technology innovator

Accessible technology innovator honored by National Inventors Hall of Fame

Read more on this case study on the National Inventors Hall of Fame website.


Blind since age 14, Chieko Asakawa is making significant contributions to accessible technology for disabled individuals – particularly those who are blind or visually impaired. Asakawa was born in Osaka, Japan in 1958 and later went on to earn her doctorate in engineering from the University of Tokyo before joining IBM. She was named an IBM Fellow in 2009 and is the recipient of numerous awards, including – most recently – being inducted into the National Inventors Hall of Fame.


People with disabilities face a range of potential challenges when interacting with technology; however, equal access to technology is important to ensure that those with disabilities are not marginalized.  


Technology can offer those with disabilities innovative ways to work, socialize, and interact with the world. The internet, in particular, can enable new means of interaction and communication for the blind and visually impaired community.

To enable effective internet access and navigation capabilities to individuals who are blind or visually impaired, Asakawa invented the Home Page Reader (HPR), the first voice browser. Debuted in 1997 and made widely available by 2003, the patented HPR gives users the ability to surf the internet through their computer’s numeric keypad instead of a mouse. It also has the ability to produce speech for text, links, frames and images, and describe graphical elements as a map, allowing users to understand complex webpage layouts.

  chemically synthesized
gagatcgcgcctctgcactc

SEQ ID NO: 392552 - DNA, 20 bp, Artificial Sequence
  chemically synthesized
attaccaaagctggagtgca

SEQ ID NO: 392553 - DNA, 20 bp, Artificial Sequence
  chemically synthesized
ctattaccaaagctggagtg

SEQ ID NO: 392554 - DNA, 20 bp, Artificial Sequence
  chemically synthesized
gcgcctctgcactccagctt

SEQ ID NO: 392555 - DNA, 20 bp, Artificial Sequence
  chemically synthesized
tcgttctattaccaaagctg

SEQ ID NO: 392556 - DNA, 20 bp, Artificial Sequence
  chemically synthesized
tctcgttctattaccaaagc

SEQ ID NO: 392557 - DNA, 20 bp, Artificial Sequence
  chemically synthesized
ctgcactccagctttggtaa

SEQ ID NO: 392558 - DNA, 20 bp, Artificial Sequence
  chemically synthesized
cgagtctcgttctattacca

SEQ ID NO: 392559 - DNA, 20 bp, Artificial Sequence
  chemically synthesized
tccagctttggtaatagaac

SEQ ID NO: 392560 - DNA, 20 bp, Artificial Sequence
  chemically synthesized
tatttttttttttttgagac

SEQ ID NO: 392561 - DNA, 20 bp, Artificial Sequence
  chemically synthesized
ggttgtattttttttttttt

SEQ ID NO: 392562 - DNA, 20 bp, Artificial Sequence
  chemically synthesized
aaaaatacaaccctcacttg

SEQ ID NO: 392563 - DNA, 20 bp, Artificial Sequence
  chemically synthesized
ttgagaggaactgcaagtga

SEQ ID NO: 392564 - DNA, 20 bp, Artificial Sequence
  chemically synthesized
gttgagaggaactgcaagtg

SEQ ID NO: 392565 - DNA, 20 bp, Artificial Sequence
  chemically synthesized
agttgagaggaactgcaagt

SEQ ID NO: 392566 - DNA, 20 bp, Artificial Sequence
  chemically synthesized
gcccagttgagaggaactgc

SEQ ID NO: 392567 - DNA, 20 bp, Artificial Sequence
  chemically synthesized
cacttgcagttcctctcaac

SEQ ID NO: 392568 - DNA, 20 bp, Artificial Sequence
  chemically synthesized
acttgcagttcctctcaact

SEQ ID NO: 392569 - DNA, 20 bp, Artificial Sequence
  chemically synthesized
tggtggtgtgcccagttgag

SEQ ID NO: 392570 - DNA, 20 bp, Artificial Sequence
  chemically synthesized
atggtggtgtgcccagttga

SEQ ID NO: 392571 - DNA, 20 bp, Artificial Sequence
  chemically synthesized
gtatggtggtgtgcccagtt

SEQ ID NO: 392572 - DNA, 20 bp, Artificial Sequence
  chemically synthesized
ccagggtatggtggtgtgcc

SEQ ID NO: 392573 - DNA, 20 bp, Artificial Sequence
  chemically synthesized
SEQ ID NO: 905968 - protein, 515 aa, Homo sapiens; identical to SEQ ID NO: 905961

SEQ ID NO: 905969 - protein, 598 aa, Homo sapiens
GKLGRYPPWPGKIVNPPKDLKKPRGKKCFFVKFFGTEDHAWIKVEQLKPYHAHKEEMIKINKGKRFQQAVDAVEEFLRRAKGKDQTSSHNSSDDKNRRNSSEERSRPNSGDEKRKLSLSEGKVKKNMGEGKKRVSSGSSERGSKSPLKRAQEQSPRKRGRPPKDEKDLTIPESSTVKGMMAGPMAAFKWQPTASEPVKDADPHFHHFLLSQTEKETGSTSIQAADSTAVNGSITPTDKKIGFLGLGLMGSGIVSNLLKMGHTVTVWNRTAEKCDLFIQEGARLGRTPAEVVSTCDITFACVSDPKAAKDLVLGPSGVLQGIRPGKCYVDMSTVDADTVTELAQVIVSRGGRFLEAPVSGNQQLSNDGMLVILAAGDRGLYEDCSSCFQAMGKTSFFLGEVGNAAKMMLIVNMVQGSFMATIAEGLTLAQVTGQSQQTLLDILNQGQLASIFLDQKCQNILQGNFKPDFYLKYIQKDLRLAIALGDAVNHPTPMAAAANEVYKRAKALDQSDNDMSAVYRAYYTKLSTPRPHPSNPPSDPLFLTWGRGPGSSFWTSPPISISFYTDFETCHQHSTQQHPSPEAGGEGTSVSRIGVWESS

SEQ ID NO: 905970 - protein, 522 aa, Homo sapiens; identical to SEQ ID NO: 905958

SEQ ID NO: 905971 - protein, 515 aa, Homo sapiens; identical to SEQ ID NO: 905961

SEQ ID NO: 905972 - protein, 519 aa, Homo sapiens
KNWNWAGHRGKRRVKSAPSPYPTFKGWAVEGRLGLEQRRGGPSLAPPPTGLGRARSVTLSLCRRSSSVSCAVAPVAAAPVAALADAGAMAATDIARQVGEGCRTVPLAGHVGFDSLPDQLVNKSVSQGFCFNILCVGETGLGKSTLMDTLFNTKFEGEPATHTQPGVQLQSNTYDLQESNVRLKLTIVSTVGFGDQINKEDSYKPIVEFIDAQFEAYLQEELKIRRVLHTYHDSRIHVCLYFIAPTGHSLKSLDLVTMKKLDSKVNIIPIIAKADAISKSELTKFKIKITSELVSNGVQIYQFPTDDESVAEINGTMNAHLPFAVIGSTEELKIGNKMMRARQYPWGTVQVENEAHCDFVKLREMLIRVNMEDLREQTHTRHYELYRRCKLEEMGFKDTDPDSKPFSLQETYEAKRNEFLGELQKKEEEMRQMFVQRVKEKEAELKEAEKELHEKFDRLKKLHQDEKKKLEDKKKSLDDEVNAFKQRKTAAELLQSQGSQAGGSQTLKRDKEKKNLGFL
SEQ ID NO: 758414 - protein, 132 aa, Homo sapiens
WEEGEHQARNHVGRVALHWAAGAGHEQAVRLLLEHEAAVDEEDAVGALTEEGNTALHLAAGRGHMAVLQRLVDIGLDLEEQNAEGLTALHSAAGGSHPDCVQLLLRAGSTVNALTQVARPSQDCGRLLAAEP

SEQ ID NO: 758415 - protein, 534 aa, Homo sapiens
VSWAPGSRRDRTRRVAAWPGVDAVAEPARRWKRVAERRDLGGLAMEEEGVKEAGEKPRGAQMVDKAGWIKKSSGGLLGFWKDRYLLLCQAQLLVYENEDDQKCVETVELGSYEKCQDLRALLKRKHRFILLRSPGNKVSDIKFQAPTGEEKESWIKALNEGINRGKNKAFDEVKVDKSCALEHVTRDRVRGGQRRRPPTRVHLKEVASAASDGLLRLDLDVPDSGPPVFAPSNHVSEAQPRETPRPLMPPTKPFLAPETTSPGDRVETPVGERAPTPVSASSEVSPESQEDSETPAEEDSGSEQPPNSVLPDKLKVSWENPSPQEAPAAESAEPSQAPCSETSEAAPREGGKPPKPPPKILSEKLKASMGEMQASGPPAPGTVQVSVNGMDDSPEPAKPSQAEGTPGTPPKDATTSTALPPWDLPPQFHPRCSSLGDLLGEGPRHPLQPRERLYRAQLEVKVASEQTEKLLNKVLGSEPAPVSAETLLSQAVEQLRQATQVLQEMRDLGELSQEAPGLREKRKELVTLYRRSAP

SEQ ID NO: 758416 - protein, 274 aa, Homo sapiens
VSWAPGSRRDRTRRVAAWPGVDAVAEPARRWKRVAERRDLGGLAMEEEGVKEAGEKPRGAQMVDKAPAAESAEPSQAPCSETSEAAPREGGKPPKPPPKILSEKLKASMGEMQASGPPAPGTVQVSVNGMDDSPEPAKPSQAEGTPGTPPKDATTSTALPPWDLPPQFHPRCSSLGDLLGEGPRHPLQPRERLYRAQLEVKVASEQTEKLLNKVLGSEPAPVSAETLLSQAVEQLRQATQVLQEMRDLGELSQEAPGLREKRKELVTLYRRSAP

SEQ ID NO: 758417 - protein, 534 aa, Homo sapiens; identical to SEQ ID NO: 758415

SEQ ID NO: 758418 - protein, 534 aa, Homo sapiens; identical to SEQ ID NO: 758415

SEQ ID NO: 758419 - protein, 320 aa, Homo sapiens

Asakawa’s expansive portfolio of work also includes a digital network of documents and books written in Braille; aDesigner, a disability simulator for web developers to mimic the experience of users who are blind or visually impaired; and NavCog, a recent joint project between IBM Research and Carnegie Mellon University to use artificial intelligence and Bluetooth Low Energy Beacons to promote indoor navigation through smartphones.

Living with a disability herself, Asakawa experiences firsthand the many barriers – and opportunities -- presented by technology today. She has been able to leverage her insight to change the lives of millions. Asakawa’s contributions to accessible technology have transformed the way individuals living with visual disabilities interact and communicate with the world around them and each other.

Without the assurances, incentives and investment provided by the intellectual property system, Asakawa’s critical contributions to the blind and visually impaired community might have been lost. Asakawa’s story is yet another positive example of innovation and progress toward improving quality of life and making the world a better place.

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